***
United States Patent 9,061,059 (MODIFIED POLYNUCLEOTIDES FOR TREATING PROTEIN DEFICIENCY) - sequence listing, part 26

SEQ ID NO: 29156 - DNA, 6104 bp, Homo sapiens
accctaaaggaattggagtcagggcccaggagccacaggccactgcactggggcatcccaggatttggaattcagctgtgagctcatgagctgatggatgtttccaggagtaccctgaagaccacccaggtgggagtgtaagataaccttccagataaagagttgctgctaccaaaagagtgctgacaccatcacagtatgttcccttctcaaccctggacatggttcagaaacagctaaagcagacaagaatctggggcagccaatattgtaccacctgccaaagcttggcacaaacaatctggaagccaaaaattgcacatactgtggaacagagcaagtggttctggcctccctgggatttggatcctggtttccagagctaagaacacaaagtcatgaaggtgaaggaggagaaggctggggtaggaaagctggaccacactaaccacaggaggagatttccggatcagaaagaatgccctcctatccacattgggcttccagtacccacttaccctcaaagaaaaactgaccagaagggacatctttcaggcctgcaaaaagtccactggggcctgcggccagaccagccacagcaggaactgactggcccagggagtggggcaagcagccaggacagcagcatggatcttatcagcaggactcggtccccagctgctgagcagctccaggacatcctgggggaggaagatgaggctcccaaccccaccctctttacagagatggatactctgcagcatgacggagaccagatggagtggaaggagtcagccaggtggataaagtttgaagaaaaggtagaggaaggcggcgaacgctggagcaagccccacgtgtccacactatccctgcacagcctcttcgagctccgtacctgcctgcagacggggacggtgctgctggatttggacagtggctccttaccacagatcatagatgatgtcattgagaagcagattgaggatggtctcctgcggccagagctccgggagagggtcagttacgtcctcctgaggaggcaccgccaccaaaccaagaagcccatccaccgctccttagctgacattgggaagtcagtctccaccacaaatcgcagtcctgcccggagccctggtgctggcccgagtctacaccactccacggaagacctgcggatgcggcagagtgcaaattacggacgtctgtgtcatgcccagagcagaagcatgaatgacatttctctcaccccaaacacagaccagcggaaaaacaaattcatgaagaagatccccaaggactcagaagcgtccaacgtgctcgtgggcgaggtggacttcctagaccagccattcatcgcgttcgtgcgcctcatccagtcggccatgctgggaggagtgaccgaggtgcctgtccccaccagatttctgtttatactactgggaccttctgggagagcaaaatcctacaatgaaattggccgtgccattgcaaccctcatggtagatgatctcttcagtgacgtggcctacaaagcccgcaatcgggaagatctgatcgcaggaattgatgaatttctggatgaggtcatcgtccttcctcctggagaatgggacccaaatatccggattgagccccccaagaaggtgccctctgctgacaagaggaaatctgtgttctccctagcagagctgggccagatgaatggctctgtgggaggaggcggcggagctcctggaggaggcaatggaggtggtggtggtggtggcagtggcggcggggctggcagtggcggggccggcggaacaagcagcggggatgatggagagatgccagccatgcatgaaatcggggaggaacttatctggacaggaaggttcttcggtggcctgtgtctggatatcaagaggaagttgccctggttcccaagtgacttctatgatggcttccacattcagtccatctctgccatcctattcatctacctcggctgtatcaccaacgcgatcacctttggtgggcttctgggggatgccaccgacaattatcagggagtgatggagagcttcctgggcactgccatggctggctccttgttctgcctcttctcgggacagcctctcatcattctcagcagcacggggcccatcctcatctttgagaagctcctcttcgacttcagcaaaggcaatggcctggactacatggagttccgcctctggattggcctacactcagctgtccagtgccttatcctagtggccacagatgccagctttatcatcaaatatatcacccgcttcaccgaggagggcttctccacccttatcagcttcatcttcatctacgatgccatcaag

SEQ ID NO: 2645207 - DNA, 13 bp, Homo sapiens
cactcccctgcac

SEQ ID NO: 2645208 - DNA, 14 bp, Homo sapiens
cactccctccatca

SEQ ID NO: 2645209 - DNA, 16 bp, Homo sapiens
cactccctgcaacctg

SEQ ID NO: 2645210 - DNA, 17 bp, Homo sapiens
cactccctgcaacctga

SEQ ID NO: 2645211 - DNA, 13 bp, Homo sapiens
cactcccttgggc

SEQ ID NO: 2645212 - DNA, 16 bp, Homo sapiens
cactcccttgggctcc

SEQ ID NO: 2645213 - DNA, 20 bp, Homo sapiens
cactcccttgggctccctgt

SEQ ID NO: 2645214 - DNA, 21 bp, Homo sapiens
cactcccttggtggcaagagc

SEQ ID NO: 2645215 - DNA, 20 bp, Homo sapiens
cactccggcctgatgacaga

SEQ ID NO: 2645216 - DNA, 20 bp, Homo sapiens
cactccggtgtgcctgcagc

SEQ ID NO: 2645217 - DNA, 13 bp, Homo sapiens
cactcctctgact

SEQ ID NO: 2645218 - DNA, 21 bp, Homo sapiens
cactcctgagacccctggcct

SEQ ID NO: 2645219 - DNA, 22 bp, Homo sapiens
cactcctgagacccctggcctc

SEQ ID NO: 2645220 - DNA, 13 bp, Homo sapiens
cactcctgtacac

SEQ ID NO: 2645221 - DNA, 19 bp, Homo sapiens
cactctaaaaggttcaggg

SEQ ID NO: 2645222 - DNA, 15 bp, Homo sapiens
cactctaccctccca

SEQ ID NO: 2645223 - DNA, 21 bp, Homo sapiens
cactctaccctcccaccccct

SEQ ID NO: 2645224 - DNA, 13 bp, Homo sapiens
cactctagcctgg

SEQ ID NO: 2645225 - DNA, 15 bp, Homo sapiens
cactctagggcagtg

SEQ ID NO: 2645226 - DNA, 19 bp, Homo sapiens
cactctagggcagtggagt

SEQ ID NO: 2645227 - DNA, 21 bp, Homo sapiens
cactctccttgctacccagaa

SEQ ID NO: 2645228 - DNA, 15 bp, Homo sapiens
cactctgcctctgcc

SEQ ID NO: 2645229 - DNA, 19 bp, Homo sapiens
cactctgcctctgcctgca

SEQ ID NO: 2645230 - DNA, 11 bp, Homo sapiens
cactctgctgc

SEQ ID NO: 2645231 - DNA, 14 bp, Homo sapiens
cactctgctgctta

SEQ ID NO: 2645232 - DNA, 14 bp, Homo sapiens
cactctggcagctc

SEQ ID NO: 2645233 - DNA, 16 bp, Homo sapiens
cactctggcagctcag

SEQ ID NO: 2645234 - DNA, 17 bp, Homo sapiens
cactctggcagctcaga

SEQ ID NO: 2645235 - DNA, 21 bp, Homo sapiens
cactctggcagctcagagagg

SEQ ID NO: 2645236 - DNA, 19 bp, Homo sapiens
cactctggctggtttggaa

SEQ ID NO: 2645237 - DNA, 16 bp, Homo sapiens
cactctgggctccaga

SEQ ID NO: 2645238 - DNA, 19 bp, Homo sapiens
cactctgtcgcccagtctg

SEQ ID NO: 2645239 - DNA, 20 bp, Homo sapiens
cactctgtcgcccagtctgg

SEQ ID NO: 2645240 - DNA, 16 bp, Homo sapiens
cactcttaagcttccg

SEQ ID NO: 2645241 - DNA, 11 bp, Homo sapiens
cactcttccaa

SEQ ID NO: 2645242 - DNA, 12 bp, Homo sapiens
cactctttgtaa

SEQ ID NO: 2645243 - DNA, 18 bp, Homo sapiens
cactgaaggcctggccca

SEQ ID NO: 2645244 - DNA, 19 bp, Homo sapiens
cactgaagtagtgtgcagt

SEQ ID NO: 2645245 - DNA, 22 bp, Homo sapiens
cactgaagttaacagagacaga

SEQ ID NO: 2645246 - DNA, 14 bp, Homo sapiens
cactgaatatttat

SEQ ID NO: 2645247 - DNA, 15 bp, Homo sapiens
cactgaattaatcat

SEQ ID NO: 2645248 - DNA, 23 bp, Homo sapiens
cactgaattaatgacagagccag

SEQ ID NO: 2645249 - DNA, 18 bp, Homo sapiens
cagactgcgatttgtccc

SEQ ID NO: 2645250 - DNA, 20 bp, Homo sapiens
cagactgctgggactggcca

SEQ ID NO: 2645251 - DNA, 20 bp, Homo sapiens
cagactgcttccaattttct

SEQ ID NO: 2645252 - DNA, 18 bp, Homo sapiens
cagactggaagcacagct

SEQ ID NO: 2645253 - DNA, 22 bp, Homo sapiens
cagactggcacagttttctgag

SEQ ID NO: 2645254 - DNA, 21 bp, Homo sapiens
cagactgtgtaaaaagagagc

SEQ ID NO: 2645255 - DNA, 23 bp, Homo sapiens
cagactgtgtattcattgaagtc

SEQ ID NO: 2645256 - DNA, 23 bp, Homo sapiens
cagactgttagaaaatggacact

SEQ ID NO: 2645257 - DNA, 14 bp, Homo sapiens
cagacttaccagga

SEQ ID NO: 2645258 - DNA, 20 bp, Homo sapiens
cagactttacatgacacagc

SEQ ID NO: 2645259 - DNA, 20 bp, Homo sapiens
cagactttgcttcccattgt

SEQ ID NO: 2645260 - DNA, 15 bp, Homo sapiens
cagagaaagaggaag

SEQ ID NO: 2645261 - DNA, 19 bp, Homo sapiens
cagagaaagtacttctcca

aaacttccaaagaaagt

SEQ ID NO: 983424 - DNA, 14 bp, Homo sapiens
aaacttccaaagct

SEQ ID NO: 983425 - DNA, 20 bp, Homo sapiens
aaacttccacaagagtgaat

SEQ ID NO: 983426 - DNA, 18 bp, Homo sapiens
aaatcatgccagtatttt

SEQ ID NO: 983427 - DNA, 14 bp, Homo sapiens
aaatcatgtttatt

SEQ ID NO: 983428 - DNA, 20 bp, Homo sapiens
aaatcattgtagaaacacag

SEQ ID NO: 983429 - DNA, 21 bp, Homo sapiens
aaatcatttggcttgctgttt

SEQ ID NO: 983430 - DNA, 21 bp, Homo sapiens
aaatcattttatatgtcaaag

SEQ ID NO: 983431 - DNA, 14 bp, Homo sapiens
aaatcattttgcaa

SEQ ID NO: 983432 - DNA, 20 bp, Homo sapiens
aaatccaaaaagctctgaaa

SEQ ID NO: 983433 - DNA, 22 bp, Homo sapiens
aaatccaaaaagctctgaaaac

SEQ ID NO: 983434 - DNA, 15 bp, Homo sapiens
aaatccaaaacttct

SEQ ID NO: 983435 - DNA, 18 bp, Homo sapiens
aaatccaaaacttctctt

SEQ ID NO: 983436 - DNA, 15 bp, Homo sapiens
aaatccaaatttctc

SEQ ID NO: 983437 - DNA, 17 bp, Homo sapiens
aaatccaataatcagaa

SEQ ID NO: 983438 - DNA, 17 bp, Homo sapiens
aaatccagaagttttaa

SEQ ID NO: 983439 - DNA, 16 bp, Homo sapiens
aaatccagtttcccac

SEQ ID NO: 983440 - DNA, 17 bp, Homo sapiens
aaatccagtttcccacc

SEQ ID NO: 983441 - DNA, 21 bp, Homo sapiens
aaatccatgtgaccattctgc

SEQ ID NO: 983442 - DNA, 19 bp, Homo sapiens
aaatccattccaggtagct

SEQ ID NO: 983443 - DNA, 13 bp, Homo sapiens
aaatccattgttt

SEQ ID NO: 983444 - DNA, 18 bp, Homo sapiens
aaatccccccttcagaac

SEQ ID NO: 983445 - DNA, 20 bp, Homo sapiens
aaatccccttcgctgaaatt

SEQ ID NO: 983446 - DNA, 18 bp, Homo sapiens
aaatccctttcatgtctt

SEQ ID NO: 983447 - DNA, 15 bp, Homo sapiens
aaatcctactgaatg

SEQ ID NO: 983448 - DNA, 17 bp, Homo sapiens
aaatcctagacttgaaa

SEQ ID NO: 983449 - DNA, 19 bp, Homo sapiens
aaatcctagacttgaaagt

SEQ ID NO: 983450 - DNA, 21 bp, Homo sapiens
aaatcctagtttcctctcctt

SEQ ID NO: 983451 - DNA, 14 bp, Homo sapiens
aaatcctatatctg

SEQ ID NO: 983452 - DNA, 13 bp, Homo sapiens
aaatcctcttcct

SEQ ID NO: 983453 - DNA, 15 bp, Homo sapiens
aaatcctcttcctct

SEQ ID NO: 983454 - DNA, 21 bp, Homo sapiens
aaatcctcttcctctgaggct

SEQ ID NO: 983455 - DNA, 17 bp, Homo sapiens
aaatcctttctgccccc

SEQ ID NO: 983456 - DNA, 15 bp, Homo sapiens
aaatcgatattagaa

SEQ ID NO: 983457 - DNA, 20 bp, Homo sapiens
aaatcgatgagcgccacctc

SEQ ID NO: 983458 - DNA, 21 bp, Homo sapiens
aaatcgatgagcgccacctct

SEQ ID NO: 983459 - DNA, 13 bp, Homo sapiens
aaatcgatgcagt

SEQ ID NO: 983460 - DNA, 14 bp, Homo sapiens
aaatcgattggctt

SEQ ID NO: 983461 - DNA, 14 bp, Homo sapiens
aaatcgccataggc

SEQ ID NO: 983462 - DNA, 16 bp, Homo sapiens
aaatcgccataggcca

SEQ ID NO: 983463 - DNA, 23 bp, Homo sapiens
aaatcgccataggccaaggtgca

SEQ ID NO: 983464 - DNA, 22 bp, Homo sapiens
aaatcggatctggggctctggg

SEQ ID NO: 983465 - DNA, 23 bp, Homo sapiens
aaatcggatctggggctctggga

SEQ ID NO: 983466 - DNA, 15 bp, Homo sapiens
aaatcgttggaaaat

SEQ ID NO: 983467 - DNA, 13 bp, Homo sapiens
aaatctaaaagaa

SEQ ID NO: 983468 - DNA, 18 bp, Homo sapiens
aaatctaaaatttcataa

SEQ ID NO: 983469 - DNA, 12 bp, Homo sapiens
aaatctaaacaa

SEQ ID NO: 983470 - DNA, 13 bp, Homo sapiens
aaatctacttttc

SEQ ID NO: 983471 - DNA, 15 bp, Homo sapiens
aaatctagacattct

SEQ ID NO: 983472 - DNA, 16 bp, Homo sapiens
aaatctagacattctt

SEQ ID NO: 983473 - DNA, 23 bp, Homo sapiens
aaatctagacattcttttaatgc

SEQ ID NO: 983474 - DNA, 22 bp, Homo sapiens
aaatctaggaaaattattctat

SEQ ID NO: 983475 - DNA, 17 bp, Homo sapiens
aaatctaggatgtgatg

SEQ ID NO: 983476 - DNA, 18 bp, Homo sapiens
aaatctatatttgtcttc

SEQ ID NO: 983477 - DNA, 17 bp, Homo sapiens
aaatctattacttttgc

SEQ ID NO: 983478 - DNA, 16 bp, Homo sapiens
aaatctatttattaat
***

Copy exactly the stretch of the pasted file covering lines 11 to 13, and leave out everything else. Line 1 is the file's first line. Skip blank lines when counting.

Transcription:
cactccctgcaacctga

SEQ ID NO: 2645211 - DNA, 13 bp, Homo sapiens
cactcccttgggc